Thursday, August 11th, 2022 01:35:39

The lesser knowns of 1857 Uprising

By Dr Uddipan Mukherjee
Updated: June 22, 2021 2:06 pm

“There is nothing in the past that in certain circumstances cannot provoke passions in the present.”

Arnaldo Momigliano [Sanjay Subrahmanyam, Explorations in Connected History, p 80]

Commendable as it is, Bipan Chandra and other authors flag off their celebrated book entitled “India’s Struggle for Independence” with the Uprising of 1857 as the ‘First Major Challenge’ to the British rule. The authors however, narrate a history which is more or less known to all and sundry. From Bahadur Shah, Rani Laxmibai and Begum Hazrat Mahal to Kunwar Singh of Arrah, the authors as if re-iterate and re-emphasise popular notion, amplify school-level history text books and aid the making of fictional scripts of the Bollywood film industry. To highlight the cause of disgruntlement of the soldiers (termed Sepoys by the Britishers) of East India Company (EIC) to be the economic rationale of arbitrary taxation imposed on the inhabitants of Awadh (the northern part of the country, pivoted around Nawabi Lucknow) was but one major reason for the casus belli.

The theory of relating heavy taxation on Awadhis to the fact that a large chunk of the Bengal Army had their roots in Awadh, has been a potent weapon of the Marxist historians to paint the Uprising of 1857. In their narrative, religion of course took a backseat, being adjudged as ‘people’s opium’ by Dr Karl Marx. Furthermore, the role of women has also been typified with the glorification of Rani Laxmibai of Jhansi and to some extent by vaguely mentioning Begum Hazrat Mahal without however even attempting to explain how the Begum stayed back to proclaim independence from the Company Raj whereas her husband, the corpulent ‘more a poet and less a king’ Wajid Ali was housed in the safe confines of Calcutta. Though popular narratives find it convenient to worship the valour of Laxmibai, yet hardly the narratives mention about the Rani of Orchha – Jhansi’s neighbour – who because of local reasons, supported the EIC against Laxmibai [Tapti Roy, Uprising in Bundelkhand, pp 162-181, Alkazi Collection of Photography, The Uprising of 1857, hereon Alkazi].

Few other questions turn out to be germane. How did the rebels behave once they broke the shackles of the Company Raj? Were there any indications of planning for the uprising? Was Mirza Ghalib the only totem of Urdu intellectualism during that period?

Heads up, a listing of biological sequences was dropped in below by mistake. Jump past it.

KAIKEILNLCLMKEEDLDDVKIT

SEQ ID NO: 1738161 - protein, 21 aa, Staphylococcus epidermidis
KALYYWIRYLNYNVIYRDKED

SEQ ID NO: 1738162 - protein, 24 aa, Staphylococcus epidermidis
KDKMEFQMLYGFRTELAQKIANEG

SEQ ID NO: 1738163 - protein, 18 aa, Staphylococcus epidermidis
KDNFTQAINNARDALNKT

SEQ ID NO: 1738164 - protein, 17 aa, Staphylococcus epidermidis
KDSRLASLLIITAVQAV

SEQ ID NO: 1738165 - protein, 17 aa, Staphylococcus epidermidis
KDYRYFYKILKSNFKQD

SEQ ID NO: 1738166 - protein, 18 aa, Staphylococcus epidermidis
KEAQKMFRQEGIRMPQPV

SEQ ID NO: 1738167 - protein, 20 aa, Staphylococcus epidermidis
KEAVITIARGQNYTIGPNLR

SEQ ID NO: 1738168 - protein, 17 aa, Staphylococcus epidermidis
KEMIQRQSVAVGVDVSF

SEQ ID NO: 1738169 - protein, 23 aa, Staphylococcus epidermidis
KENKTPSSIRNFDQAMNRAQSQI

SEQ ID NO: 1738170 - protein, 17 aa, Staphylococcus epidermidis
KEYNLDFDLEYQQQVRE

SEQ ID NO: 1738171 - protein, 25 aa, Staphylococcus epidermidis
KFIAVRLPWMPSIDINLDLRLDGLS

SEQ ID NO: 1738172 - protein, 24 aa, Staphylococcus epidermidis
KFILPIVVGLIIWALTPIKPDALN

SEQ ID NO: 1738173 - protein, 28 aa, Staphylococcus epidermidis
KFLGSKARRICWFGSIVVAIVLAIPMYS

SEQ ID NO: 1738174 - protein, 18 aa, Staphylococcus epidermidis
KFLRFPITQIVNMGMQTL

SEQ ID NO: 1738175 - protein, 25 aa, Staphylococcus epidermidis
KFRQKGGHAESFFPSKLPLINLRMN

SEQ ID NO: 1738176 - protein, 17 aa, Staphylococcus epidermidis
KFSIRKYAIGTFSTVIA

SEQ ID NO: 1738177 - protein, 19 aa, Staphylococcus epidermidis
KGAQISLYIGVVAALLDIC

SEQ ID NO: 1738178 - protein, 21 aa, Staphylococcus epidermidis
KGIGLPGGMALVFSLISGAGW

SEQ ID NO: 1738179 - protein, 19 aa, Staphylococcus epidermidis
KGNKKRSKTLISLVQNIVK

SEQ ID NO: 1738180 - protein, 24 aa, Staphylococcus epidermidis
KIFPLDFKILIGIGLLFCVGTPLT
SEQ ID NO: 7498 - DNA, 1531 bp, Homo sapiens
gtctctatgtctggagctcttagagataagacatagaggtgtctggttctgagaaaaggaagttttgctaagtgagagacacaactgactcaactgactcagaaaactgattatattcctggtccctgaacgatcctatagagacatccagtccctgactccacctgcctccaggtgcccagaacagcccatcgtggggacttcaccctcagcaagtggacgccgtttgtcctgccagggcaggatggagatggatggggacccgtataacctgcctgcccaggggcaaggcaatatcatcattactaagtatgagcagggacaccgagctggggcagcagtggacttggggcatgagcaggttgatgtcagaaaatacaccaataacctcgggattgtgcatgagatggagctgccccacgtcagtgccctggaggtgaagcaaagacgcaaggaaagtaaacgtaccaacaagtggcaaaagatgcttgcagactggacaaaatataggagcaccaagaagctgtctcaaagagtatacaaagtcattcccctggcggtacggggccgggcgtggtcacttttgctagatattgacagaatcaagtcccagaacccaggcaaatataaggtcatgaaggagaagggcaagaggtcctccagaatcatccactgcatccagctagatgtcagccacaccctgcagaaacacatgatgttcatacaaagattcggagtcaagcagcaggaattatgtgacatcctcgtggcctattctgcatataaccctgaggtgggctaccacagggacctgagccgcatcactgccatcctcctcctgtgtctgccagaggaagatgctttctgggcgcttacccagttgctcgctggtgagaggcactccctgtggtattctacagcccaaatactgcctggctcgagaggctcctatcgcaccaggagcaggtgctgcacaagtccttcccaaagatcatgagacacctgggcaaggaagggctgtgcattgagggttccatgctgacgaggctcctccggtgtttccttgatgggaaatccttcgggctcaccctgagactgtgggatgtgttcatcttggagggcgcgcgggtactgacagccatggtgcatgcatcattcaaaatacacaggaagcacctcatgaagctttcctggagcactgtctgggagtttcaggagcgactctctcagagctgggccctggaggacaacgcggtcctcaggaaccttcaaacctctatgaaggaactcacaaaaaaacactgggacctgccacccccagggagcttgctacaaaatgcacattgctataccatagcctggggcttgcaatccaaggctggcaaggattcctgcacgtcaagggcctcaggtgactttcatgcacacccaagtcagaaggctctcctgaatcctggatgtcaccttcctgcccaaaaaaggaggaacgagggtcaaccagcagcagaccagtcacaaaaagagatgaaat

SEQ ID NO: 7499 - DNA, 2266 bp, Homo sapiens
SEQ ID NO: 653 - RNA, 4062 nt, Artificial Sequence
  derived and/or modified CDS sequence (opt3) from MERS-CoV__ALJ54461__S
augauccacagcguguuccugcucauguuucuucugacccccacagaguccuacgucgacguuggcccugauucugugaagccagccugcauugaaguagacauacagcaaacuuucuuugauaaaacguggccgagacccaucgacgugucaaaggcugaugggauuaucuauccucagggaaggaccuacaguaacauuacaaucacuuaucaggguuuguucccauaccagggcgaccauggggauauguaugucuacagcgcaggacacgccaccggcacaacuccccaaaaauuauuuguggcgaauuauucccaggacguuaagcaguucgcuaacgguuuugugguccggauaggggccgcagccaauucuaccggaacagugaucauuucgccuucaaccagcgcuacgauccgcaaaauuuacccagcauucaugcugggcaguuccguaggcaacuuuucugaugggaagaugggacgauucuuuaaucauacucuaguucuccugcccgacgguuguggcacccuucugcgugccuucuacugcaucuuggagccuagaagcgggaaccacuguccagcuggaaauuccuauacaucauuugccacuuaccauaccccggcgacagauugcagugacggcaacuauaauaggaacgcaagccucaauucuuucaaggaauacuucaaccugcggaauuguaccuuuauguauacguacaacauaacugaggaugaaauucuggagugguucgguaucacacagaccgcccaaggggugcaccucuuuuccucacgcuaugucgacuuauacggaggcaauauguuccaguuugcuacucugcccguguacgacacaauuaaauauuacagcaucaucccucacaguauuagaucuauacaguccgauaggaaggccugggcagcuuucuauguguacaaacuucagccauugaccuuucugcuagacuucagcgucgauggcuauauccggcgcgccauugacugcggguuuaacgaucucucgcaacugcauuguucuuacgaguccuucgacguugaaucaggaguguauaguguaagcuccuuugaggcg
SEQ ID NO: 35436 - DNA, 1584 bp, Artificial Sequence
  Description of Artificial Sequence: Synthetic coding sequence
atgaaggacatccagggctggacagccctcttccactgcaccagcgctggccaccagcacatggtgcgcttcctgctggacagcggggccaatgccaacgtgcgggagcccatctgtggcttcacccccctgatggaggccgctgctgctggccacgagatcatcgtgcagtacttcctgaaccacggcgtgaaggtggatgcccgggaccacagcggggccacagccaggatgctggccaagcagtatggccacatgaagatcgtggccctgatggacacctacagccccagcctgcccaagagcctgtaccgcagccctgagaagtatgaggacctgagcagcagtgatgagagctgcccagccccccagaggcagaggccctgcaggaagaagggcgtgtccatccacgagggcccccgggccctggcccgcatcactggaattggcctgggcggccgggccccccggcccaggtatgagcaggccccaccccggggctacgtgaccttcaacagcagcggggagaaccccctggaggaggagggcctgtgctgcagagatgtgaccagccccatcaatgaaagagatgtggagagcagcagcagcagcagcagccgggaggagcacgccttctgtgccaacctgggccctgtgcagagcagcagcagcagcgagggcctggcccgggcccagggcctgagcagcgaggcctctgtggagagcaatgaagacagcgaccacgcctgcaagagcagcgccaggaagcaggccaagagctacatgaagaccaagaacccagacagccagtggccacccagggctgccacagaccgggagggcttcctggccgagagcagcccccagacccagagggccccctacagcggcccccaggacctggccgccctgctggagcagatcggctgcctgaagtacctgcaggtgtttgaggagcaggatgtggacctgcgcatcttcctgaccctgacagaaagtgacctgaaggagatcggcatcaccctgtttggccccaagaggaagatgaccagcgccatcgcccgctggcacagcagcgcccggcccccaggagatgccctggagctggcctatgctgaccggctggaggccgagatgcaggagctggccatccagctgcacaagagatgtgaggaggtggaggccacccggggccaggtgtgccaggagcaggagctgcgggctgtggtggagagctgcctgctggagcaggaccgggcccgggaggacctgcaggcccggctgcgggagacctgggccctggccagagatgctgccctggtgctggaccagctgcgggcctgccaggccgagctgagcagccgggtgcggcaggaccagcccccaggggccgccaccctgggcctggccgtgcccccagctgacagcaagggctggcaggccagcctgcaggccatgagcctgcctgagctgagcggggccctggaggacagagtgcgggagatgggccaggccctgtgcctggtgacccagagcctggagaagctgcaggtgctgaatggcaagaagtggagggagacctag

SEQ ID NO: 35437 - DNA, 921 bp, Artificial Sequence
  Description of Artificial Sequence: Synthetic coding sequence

Delving Deeper

William R. Pinch adds weight to the ‘local military uprising at Meerut on 10 May 1857’ as the ‘key factor in sparking off wider rebellion’. [Mutiny at the Margins, Ed. Crispin Bates, Vol.1, p 61, hereon MM] Finch argues that without the initial mutiny of the 3rd Light Cavalry and 20th Native Infantry at Meerut, the Uprising of 1857 perhaps would not have occurred. [p 61, MM, Vol. 1] While the popular and accepted version of greased cartridges is considered to be the reason for the soldiers of Meerut to rebel, yet there is hardly a mention of the prostitutes of Meerut’s Sadar Bazar who constantly ridiculed the soldiers of the 3rd Light Cavalry for not having the balls to rescue their 85 comrades who had been incarcerated on 24th April and court-martialled on 9th May. [p 62, MM, Vol 1] Whether this provided the necessary ignition to the rest of the soldiers to come out in open outbreak against their ‘masters’ could definitely be a matter of debate.

However, Pinch refers to an August 1857 letter from Captain Henry Norman, acting adjutant general of the Delhi Field Force in which he writes about a certain ‘Mees Dolly of Meerut’ who had been hung at Meerut for being implicated in the first outbreak of the Uprising. [pp 62-63, MM, Vol1] As Pinch informs, Mees Dolly was perhaps running a ‘house of refreshment of sorts’ in the Meerut bazar. [p 63, MM, Vol.1]